The memoir 'Strings Attached: One Tough Teacher and the Gift of Great Expectations' by Joanne Lipman and Melanie Kupchynsky has been preoccupying my mind lately. The other night I dropped off to sleep after relishing the story to the final page, and conjured up Jerry Kupchynsky in a dream. For the last few days, Kupchynsky has become as present in my life as if he were a member of my own flesh and blood family. "Mr. K." as his students affectionately called him, might have been cut out of the same cloth as my late mother, Frances Kransberg, for his discipline and love for the violin are eerily similar. Perhaps I feel a kinship, too, because my paternal Kransberg roots are from the same neck of the woods as Kupchynsky's: Western Ukraine which borders along Poland. In that vicinity stands my ancestral village of Kranzberg, which after searching and searching, I find has been renamed, Mala Ozymyna. I have wanderlust; my own children know this. I want to return to my roots. But given the region's volatility, the closest my husband will allow me to travel to the Ukraine is via Google Earth.
Jerry (Jarema) Kupchynsky was a survivor, and by dint of his teaching method, so were his students. Born in 1928, Kupchynsky grew up "right into the teeth of Ukraine's Holodomor, a great famine when millions of Ukrainians starved to death." 'Strings Attached' begins in a breezy fashion, alternating mostly humorous glimpses between Melanie Kupchynsky, Mr. K's daughter, now a violinist with Chicago Symphony, and former student, Joanna Lipman, a prominent journalist and founding Editor-in-Chief of Conde Nast. They fill the pages with reminiscences about their childhood and adolescence in the midst of Kupchynsky's eccentricities. Mr. K's parenting tactics are all too familiar, including one of his favorite expressions: "When I say jump, on the way up ask how high!" But there are also dead give-a ways that he is haunted by a tormented past, a past which includes having been a forced laborer in World War II. One morning at breakfast, little Melanie reaches to her father's bowl of Life cereal, and he slaps her hand away. A mouse has gotten into their cupboard, left droppings in the cereal. Melanie's father won't allow perfectly good food to be wasted. "I'll eat around eet," he shrugs.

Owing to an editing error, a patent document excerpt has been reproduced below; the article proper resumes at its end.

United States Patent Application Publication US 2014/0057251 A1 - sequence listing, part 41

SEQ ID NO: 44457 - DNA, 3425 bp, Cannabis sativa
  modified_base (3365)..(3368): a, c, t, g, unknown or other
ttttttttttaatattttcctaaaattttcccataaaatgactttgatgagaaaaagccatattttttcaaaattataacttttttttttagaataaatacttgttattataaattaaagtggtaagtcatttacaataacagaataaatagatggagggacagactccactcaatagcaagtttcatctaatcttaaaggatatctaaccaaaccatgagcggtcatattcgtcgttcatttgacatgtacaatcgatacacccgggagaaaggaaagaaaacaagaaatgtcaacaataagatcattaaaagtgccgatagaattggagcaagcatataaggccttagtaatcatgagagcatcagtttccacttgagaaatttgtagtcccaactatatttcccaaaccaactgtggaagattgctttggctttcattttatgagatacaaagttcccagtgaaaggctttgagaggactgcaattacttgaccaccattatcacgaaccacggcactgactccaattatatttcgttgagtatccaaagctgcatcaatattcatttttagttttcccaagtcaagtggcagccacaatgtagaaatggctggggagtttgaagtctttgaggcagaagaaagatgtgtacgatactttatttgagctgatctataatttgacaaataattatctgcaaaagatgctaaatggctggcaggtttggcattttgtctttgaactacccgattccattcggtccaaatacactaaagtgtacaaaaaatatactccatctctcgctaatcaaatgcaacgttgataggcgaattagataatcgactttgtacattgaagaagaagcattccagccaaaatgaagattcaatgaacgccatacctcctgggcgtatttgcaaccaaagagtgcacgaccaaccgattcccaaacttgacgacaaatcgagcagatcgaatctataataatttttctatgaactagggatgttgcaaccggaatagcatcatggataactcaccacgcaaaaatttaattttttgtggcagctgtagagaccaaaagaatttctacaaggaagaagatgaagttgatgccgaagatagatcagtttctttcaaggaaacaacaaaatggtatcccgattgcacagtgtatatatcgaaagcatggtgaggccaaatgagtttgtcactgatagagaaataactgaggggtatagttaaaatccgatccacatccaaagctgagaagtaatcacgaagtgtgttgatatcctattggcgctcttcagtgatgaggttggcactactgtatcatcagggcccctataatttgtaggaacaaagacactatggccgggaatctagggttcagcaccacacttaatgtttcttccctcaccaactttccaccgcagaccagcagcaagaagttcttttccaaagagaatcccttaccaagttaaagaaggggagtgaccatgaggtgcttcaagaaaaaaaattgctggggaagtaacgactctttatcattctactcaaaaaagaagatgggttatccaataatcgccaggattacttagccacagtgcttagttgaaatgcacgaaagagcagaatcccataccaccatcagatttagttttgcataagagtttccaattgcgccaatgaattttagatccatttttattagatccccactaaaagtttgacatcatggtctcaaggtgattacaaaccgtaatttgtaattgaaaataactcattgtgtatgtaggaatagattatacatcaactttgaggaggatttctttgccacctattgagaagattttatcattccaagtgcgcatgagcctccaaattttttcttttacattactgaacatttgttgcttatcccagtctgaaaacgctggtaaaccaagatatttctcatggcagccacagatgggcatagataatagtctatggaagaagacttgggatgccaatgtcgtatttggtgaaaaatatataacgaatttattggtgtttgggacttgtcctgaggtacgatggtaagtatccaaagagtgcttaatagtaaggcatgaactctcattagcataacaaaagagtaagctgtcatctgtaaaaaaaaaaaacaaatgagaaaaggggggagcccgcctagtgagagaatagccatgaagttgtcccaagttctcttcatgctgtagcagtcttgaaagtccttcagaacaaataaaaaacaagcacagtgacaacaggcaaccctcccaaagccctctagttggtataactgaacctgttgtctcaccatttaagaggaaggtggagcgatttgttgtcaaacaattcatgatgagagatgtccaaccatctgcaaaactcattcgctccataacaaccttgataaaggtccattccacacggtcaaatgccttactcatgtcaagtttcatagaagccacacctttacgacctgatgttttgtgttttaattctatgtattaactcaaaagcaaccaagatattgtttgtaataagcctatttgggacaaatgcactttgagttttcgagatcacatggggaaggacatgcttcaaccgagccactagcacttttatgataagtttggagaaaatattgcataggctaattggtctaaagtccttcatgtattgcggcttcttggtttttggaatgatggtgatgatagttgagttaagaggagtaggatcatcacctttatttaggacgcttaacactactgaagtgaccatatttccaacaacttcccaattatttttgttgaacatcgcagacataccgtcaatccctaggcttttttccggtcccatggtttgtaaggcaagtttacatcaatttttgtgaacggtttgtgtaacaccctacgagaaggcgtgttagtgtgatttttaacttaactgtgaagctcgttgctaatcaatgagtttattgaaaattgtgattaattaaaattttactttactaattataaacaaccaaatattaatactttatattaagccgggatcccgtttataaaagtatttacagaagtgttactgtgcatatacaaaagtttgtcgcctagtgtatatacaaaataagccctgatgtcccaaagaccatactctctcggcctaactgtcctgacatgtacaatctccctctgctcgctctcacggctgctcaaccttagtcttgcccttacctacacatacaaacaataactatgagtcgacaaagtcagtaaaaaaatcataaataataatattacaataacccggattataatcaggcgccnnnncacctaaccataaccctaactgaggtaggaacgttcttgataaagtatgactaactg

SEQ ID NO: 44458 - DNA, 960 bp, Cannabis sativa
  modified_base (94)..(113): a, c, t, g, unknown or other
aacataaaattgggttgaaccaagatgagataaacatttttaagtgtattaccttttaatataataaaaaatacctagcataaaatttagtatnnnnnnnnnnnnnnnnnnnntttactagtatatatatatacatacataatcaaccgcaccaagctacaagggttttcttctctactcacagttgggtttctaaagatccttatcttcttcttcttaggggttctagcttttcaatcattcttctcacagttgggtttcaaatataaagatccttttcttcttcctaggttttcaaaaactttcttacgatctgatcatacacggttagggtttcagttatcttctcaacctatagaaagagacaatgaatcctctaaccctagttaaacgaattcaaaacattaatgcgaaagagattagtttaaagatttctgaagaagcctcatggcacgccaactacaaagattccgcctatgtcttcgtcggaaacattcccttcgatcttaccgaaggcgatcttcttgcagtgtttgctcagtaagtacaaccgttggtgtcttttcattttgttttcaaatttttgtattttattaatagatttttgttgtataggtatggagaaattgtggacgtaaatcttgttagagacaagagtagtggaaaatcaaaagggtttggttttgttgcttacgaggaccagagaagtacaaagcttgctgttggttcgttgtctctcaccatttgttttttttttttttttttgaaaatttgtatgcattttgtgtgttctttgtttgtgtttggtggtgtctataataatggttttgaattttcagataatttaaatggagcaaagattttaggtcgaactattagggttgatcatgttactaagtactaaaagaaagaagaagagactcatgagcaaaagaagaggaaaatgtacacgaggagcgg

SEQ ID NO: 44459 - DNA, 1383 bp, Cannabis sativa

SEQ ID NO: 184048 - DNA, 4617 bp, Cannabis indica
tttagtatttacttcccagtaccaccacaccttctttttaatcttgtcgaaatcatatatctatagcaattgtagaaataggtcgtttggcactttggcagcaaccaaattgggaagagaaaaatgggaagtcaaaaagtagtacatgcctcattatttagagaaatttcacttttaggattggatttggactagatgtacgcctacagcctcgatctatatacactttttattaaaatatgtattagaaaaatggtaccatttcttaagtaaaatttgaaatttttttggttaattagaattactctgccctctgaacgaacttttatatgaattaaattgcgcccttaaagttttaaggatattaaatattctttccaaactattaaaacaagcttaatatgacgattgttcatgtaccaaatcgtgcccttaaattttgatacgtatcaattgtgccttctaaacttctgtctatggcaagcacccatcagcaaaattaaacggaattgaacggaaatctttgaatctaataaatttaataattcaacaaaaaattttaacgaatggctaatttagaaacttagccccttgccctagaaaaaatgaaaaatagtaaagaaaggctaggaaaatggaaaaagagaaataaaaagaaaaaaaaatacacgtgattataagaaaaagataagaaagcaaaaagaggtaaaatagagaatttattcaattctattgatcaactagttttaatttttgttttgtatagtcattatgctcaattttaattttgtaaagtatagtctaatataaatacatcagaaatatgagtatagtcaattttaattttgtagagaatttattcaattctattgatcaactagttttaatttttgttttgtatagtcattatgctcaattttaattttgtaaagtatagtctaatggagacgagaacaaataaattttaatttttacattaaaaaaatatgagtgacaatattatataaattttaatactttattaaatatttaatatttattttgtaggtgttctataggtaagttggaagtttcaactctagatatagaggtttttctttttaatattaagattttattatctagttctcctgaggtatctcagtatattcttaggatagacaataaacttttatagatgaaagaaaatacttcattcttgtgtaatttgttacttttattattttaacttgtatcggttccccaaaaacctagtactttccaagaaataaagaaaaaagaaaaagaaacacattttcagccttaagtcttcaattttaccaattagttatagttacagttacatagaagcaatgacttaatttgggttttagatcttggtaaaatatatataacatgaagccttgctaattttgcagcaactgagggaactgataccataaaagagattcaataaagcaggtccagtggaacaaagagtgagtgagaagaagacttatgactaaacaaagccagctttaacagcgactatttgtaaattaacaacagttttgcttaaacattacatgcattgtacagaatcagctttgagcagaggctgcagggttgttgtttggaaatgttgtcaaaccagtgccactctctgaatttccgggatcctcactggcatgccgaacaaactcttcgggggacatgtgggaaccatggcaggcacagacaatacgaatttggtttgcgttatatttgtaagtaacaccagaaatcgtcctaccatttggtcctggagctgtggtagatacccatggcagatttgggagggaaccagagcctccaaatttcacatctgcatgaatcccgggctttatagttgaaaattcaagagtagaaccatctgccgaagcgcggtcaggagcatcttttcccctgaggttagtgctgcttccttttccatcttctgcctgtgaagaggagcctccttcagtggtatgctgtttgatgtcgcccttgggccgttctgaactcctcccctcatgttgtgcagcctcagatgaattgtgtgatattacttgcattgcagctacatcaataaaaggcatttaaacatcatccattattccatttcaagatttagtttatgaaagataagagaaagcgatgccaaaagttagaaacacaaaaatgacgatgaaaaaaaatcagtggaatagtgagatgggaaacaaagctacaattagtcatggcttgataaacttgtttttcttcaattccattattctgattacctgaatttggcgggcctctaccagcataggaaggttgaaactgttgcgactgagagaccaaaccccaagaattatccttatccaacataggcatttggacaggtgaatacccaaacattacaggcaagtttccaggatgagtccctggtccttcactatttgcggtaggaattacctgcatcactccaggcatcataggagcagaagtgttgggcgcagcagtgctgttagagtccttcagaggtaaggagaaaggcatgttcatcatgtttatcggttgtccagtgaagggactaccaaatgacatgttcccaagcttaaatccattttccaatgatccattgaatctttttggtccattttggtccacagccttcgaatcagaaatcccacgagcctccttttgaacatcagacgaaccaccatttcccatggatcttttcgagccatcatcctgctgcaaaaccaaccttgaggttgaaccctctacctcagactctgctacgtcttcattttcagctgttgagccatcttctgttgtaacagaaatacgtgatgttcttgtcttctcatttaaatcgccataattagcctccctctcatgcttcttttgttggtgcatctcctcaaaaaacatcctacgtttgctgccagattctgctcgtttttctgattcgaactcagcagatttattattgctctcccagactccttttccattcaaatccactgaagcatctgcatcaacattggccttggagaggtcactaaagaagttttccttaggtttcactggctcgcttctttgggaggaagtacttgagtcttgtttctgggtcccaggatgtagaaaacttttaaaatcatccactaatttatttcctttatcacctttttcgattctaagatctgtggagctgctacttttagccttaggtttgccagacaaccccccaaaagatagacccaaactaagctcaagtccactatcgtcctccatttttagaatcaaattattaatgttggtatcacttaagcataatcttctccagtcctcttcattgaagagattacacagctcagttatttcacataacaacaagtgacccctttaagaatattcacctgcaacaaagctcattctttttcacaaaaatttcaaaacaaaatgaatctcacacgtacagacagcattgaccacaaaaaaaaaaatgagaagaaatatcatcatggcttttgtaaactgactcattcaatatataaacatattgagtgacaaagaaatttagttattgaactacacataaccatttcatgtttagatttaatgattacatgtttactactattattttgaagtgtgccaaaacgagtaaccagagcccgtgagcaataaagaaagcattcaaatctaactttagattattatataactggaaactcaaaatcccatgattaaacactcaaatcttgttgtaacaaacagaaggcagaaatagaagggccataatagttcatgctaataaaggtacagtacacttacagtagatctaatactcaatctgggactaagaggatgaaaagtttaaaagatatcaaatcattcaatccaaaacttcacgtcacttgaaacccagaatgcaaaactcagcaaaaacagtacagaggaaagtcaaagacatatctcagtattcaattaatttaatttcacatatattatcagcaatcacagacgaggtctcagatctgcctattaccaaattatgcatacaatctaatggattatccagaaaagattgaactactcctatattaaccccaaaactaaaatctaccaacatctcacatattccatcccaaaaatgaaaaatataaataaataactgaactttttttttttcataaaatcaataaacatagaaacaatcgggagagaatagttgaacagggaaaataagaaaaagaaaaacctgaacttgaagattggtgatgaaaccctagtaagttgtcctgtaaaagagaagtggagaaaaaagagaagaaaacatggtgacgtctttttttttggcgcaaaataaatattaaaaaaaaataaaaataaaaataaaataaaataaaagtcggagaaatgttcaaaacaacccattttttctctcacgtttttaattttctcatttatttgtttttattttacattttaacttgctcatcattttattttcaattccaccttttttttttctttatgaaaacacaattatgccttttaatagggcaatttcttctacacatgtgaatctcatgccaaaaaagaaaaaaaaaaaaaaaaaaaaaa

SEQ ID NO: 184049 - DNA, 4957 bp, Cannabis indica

In his capacity as music teacher for East Brunswick school district during the late 60s and early 70s, Mr. K would yell at his orchestra, "Orchestra eez not democracy. Eez benign dictatorship." By today's classroom standards, one might be horrified by Mr. K's old school tirades, the singling out of students, the name-calling ("Who eez idiot who play wrong note?!). Lipman observes that middle schools everywhere tend to be the "killing field of musical ambition." She writes that there's even a technical term for it by researchers who have studied the phenomenon: the 'I want to quit' phase. Indeed, I've had several students abandon their music studies simply because they were dissuaded or ridiculed by their peers. But while many teachers would coddle their students, or try to ease up on their expectations, Mr. K. drove his kids harder. As one former student of his said: "Taking lessons with Mr. K. felt like playing for the Yankees. You put up with the shit because it got you to the championships." And indeed, not only did Mr. K's students fill the prominent ranks of national youth orchestras, but many went on to lead highly successful careers in each corner of the world, only to thank their tough-as-nails teacher later.
But the meat of the memoir is Jerry Kupchynsky's heart-rending personal plight. Not only had he survived the war and brutality from his homeland and Nazi Germany, and served with American forces in the Korean War, but his wife was afflicted by multiple sclerosis. Finally, he was left with the most difficult task of all: to raise the youngest of his two violinist daughters, Stephanie, by himself. Stephanie Kupchynsky, a much sought after and admired violin educator in her own right, mysteriously vanished one day; her disappearance lasted as an unsolved crime for many years until her corpse was finally discovered.
'Strings Attached' offers ample opportunity for readers to search deep in their hearts, to recognize and feel a debt of gratitude towards all those special teachers and parents out there who believed in them, who pushed them beyond limits. Mr. K boiled his philosophy down to self-discipline. Whether you agree with his approach or not, through sheer force of will, it was said that he made all of his students better than they had any right to be.